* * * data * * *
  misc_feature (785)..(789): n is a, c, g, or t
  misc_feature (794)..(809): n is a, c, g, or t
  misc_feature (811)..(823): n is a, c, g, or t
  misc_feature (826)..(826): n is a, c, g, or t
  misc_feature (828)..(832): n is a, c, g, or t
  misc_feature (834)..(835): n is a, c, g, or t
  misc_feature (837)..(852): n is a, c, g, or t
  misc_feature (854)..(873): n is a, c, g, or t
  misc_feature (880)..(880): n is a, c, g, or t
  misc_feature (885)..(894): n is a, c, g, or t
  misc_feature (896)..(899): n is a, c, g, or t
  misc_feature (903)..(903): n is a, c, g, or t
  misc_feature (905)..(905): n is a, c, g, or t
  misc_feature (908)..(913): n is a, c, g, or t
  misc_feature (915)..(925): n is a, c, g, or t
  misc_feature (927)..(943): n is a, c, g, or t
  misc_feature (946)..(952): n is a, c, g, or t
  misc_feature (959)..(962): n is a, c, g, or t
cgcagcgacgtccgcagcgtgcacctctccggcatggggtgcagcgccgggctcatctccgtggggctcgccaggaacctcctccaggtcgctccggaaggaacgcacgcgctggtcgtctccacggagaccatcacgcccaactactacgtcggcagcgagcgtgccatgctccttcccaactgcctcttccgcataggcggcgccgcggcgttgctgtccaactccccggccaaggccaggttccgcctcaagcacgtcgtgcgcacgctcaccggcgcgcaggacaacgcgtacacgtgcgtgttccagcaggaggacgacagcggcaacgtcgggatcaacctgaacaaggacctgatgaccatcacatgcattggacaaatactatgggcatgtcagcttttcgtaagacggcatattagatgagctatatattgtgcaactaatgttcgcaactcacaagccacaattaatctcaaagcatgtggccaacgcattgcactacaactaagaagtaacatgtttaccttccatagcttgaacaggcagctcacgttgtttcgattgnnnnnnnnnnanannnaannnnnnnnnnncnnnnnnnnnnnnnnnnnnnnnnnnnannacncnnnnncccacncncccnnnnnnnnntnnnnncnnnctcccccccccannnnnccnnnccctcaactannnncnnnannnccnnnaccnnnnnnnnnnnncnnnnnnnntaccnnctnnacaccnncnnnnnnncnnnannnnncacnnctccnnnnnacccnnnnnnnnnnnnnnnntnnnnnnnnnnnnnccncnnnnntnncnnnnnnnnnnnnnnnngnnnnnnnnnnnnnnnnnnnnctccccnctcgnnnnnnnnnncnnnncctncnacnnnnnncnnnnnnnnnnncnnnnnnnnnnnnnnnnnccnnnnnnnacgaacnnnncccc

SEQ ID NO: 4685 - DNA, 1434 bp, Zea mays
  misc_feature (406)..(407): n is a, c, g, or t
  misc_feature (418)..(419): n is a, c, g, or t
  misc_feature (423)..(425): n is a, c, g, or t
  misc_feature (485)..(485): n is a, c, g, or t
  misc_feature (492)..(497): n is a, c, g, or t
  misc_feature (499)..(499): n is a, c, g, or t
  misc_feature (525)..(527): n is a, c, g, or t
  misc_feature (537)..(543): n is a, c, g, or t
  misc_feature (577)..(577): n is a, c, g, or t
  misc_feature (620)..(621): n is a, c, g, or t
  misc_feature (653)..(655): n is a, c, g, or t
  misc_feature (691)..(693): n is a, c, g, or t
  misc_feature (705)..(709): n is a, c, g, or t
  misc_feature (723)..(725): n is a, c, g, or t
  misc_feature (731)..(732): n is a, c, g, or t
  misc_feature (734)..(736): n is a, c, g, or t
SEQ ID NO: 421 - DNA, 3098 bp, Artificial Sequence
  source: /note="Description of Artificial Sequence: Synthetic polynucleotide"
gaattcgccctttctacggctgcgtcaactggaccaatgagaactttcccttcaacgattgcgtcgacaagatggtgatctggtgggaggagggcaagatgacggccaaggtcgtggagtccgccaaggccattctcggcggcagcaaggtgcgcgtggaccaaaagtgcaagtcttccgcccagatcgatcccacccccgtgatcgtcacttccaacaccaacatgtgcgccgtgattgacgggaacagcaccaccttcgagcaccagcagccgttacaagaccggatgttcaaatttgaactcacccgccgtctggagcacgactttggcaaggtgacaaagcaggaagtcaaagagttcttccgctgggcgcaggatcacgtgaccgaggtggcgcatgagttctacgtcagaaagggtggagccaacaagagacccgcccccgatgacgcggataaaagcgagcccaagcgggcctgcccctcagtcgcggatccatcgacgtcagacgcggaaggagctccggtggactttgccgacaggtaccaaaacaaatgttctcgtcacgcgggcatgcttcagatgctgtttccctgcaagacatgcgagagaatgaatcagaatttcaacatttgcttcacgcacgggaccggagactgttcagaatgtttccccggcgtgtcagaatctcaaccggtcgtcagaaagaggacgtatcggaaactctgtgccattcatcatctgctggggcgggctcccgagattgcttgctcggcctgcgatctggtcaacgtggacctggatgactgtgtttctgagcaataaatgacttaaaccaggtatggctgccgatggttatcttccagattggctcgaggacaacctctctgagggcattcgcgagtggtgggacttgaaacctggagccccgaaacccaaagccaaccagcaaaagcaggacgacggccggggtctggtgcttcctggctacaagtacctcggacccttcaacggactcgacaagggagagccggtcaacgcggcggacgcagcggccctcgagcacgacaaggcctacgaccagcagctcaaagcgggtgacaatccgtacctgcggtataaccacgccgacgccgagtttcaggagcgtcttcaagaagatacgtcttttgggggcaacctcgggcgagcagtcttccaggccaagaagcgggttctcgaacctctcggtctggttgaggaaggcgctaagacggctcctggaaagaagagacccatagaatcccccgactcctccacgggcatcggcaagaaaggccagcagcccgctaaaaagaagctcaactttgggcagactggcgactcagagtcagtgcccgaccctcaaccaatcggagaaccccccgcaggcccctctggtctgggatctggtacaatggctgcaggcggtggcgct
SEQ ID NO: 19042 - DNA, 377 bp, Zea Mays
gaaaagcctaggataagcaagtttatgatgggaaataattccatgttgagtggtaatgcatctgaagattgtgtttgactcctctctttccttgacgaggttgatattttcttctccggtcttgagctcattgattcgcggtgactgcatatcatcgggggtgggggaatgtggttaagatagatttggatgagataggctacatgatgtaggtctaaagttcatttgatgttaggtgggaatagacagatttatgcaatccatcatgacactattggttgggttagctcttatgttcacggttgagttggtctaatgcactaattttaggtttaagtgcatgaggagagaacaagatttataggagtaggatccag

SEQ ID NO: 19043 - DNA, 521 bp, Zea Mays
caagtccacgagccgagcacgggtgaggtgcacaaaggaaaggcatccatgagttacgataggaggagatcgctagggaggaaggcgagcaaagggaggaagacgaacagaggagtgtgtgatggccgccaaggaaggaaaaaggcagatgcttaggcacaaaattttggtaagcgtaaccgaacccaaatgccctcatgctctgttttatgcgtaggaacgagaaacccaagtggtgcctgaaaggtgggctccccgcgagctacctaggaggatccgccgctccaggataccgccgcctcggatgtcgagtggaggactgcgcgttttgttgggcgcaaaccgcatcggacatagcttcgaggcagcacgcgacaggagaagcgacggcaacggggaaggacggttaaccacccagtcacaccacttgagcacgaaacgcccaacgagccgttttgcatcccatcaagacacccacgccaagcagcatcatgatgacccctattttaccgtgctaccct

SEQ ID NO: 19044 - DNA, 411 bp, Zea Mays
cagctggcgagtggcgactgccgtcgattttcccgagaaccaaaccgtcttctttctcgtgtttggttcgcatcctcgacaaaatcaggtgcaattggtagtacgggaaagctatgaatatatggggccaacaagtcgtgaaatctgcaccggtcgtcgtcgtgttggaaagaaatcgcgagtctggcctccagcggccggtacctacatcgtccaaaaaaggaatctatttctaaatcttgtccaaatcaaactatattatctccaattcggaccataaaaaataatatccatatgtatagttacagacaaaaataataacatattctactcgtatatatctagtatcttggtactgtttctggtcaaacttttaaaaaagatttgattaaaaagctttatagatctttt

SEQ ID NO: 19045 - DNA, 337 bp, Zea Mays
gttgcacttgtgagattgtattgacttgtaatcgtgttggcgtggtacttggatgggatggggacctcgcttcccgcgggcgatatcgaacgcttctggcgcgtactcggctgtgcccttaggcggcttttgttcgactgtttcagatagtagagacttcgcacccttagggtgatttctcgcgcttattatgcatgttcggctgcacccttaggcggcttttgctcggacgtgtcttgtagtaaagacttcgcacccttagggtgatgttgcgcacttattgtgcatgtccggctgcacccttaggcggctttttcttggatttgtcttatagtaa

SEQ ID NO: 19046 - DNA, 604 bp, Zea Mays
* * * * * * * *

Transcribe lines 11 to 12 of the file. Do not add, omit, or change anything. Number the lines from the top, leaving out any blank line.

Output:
  misc_feature (896)..(899): n is a, c, g, or t
  misc_feature (903)..(903): n is a, c, g, or t